11. I'm not a wildlife shooter, but I've been reasonably happy with my 70-300 (VR) and D300 when trying to catch the odd bird in flight. The lens is not at its absolute best wide open at 300 mm, though, and I suppose that's where you may be a lot of the time when shooting wildlife. A used 300 f/4 would probably be a better bet if you're really going for it. As a general purpose telephoto zoom with a useful range for occational wildlife snaps, I think the 70-300 is fine.
  12. Today's cameras are just not designed for MF. I tried it with my full-frame camera and 1,000mm lens (a 500mm and a 2.0x TC). I took several hundred images and they looked to be in focus in the VF, but only a few were critically focused. I take thousands of AF images each month and get a very high rate of sharp images, so it's not my lack of experience. VF in modern cameras are just not designed with AF in mind.
    I've shot with high pixel density crop sensors, full-frame high density sensors and full-frame low density sensors. The most important factor for wildlife is the AF system's accuracy, consistency and speed. Of the three bodies I'm thinking of, the lowest pixel-density resulted in the most keepers, because it got the most pix critically in focus. I suspect that the d7000 will have the best AF performance of the two you're considering, not because it has denser pixels, but because it has an AF system designed with action shooting in mind.
    Focus accuracy is, by far, the most important factor in achieving high keeper rates and pixel density has little to do with it, except in its influence on high ISO performance. Acceptable noise performance at ISO 1600 is enough to serve you well for wildlife and bird shooting.
  13. 300 f/4 for wildlife on a reasonable budget. When that's not enough reach, accept the idea of a crop. You can do better with mega-money, but this is an excellent way to start.
  14. One more vote for the 300 F/4. It is a great lens. On your D7000 it will be a joy to use.
  15. Thanks guys ill try to find second hand 300 f4 thanks for ur help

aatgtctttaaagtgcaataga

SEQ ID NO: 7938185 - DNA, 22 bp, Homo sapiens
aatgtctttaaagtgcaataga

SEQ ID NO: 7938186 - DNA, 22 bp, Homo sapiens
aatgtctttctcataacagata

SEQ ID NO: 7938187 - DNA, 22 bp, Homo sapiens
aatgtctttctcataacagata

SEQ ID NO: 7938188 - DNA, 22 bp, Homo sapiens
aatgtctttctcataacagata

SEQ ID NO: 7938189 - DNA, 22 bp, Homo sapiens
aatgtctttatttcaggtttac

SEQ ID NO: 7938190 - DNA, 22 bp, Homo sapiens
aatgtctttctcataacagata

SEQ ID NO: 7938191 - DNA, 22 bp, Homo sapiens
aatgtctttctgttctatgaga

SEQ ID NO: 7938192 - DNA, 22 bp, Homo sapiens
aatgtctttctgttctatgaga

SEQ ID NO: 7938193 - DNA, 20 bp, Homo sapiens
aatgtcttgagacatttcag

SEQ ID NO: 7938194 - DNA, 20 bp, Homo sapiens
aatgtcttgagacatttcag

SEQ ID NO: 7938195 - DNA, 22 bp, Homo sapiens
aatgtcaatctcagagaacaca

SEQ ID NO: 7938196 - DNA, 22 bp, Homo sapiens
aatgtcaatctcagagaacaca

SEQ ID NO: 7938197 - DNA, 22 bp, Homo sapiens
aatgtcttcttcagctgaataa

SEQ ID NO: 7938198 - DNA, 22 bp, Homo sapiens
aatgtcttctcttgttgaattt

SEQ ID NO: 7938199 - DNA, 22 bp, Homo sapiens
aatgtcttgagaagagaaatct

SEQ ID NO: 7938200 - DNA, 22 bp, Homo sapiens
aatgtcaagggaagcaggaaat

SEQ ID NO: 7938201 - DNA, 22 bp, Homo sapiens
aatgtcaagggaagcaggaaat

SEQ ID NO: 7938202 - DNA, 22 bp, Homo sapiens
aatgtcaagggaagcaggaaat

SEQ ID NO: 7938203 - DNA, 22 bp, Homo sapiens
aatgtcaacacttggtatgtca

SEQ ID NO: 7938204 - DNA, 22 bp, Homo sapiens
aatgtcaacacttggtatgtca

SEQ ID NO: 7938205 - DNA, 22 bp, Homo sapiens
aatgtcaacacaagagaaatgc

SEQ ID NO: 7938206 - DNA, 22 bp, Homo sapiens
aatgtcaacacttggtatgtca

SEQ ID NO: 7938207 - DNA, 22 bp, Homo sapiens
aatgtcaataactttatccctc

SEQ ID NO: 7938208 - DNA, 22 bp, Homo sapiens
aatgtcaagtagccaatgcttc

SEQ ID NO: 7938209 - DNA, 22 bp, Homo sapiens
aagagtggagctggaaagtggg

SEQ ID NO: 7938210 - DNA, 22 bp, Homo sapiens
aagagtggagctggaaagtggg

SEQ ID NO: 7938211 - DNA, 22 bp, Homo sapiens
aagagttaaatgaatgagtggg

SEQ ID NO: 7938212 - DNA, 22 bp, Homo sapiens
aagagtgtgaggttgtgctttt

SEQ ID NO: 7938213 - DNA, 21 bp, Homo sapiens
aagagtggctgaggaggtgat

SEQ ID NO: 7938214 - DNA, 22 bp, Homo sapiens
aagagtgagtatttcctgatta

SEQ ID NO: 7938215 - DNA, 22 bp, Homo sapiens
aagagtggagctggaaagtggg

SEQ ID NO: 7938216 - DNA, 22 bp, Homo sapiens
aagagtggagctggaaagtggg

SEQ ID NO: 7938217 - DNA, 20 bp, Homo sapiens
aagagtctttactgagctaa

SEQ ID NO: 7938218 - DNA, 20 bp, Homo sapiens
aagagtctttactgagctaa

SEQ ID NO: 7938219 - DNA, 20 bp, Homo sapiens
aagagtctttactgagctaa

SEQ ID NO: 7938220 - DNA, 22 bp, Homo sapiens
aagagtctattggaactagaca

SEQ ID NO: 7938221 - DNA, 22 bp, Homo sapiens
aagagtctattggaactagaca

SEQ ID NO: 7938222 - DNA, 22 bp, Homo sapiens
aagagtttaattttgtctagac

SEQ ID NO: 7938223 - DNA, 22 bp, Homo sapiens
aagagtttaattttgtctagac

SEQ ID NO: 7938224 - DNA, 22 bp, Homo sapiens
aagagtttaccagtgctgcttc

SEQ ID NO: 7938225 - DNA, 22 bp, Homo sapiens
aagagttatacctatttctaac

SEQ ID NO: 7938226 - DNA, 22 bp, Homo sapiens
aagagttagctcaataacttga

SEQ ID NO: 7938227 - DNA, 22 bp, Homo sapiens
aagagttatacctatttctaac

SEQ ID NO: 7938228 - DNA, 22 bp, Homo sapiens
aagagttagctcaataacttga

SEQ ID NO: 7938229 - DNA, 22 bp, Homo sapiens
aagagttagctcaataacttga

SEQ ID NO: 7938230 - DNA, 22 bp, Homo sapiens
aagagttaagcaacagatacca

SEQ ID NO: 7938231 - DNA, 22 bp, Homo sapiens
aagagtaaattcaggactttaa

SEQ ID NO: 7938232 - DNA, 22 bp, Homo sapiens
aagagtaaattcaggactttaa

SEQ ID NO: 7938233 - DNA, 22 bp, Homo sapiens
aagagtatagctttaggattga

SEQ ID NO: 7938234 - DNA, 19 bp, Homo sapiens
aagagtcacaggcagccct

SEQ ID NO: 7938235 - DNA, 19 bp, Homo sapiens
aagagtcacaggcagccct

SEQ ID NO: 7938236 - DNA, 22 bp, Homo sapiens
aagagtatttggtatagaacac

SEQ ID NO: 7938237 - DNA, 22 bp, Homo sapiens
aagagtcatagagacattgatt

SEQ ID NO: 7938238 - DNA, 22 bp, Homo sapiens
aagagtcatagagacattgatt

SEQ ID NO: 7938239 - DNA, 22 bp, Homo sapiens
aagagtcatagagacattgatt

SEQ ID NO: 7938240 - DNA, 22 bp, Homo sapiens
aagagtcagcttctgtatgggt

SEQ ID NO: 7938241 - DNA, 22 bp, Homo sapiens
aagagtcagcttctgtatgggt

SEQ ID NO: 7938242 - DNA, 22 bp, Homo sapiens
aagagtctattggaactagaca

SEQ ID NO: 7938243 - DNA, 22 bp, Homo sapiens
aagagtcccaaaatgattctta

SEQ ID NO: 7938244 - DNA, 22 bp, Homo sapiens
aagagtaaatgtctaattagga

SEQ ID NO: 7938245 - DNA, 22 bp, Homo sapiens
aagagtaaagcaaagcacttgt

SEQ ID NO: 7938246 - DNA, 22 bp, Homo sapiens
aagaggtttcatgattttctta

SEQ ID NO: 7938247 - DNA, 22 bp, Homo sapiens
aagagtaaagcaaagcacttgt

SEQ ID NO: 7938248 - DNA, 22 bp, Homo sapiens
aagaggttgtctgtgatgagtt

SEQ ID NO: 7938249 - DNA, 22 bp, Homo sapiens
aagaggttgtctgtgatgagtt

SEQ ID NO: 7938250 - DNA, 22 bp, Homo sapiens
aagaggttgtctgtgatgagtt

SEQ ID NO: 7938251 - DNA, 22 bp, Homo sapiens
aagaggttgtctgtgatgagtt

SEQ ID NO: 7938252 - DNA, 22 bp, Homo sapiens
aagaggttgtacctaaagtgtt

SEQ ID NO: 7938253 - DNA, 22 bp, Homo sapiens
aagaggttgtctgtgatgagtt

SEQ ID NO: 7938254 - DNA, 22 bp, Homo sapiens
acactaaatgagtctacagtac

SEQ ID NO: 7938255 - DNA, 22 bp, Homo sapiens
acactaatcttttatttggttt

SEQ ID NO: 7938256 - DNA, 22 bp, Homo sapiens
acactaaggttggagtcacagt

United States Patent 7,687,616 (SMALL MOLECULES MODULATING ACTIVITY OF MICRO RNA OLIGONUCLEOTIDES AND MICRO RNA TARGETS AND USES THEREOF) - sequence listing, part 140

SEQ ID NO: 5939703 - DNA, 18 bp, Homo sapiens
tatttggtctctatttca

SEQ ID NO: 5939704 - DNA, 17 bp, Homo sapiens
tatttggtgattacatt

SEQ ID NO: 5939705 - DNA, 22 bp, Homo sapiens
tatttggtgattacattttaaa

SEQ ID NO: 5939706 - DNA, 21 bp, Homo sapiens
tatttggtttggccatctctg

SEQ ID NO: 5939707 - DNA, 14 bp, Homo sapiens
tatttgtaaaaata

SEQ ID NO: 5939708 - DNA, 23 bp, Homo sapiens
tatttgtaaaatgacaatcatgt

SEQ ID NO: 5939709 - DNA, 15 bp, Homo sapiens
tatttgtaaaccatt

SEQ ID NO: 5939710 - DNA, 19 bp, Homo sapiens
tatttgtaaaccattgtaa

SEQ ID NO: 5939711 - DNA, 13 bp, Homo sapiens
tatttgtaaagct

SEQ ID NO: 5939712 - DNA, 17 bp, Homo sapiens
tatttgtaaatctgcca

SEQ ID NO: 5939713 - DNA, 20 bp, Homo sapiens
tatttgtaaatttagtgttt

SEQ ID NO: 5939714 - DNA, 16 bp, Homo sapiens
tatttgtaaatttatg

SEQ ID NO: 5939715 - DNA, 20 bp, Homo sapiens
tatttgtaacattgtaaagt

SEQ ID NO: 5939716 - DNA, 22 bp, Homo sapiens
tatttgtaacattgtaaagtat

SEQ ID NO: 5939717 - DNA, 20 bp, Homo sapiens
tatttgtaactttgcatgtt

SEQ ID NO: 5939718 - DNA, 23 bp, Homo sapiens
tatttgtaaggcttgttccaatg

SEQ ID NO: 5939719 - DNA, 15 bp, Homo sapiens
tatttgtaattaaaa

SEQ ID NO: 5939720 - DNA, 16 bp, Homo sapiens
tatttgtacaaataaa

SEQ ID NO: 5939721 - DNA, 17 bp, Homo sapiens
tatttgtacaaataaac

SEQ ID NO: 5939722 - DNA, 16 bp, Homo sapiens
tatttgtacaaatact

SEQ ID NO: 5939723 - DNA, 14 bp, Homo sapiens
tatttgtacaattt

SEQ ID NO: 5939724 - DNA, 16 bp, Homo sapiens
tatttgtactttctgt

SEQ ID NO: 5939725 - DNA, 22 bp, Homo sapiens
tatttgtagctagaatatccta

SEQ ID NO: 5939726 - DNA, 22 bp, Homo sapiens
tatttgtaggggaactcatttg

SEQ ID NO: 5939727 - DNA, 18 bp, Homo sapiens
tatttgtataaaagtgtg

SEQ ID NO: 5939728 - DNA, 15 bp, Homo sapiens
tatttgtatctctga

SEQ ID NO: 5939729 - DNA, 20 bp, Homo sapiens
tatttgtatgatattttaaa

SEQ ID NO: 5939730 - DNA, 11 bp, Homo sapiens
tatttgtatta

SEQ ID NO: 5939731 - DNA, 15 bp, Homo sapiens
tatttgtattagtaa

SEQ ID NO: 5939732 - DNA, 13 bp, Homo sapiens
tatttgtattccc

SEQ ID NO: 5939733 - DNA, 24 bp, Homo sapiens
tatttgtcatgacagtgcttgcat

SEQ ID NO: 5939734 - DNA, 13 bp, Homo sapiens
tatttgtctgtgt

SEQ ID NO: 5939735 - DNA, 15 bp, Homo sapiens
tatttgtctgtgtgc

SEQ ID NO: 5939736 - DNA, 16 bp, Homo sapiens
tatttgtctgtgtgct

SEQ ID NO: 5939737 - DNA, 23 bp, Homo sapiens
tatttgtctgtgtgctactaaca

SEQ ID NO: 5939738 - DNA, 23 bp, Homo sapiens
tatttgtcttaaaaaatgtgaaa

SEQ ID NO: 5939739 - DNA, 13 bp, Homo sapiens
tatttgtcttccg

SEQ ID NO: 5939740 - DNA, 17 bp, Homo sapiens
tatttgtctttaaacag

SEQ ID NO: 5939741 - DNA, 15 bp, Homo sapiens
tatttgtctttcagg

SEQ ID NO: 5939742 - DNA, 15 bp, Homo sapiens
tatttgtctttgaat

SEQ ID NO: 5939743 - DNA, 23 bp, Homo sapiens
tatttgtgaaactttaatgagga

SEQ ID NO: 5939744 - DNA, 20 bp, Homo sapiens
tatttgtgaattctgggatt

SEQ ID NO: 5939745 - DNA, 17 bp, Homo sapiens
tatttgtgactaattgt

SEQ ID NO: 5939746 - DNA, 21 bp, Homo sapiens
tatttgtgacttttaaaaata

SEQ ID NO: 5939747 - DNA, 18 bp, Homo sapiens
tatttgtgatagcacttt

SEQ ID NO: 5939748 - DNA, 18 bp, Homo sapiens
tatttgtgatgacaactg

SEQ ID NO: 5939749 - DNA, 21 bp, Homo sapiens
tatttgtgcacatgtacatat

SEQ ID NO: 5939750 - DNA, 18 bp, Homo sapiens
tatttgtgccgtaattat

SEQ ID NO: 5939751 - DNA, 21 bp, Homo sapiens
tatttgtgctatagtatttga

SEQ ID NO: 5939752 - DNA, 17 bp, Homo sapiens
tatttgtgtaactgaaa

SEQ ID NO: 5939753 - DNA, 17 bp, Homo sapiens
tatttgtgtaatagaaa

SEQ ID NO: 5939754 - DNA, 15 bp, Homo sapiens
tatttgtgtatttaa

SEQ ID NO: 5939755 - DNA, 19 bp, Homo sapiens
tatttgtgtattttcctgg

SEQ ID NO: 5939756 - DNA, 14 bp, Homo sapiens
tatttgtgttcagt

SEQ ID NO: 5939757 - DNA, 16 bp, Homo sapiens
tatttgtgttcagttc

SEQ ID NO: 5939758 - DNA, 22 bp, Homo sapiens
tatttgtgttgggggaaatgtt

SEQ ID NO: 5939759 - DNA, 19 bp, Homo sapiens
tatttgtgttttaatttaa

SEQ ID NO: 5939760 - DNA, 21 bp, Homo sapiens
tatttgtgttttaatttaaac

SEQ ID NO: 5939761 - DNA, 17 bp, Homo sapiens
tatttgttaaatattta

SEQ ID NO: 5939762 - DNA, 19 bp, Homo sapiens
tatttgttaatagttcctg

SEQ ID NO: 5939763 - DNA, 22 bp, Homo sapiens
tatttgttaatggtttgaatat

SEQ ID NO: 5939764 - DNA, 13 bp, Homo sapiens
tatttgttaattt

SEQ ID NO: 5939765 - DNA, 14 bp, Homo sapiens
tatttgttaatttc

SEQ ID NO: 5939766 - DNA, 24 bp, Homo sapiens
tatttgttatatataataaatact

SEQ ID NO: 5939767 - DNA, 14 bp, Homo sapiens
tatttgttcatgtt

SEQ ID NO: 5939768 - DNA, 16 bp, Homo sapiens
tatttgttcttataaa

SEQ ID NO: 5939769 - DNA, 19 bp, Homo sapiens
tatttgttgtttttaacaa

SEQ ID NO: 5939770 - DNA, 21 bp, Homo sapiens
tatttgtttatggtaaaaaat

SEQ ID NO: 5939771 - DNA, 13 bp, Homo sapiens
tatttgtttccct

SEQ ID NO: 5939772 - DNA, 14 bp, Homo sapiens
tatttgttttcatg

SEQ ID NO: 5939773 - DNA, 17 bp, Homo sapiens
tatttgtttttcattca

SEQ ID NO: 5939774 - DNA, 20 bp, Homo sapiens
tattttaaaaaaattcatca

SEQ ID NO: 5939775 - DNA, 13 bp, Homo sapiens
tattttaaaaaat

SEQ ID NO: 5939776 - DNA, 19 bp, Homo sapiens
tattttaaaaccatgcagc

16. stemked

    stemked Moderator

    Take a look at the Sigma 150-500. It's a decent lens, a bit on the slow side but close to your limit and it will give you some reach. You really need a solid tripod and head that may push you yet another $1000, but a good tripod is a solid investment.
  17. stemked

    stemked Moderator

    I do disagree with David's point though. I do use a manual lens, a 600mm f5.6 Pentax lens with my various Pentax bodies, and it works great. I used to use an even older Takumar 500mm f4.5 (a real steal by the way, you can get them under $700 and, while I maybe wrong, they do work on Nikon bodies with proper adaptors M42-Nikon). Again a tripod is essential.
  18. U r right douglas ..Im using Manfrotto 055CXPRO3 with manfrotto head .. I like it
  19. If you are coming half way around the world for only two weeks, and you want to come home with a collection of
    Australian animal shots, I would suggest that (unless you have a very specialised trip planned to some specific places)
    you will get the best images shooting in zoos and wildlife parks. That said, you could get very good shots with a 70-300,
    and it may be more versatile than a long prime and easier to tote than a bigger zoom.
  20. I think you may be rather optimistic if, on a short visit, you expect to find a range of size of birds, nicely lit and standing out from the background, and at the right distance to fill much of the image through your chosen lens. Geoff's suggestion is the only realistic option.
  21. If I was going on a 2 week trip and thought I needed a different focal length lens that I think I want to use after I get back, I'd rent one for the trip and see if that's the lens I really need to buy.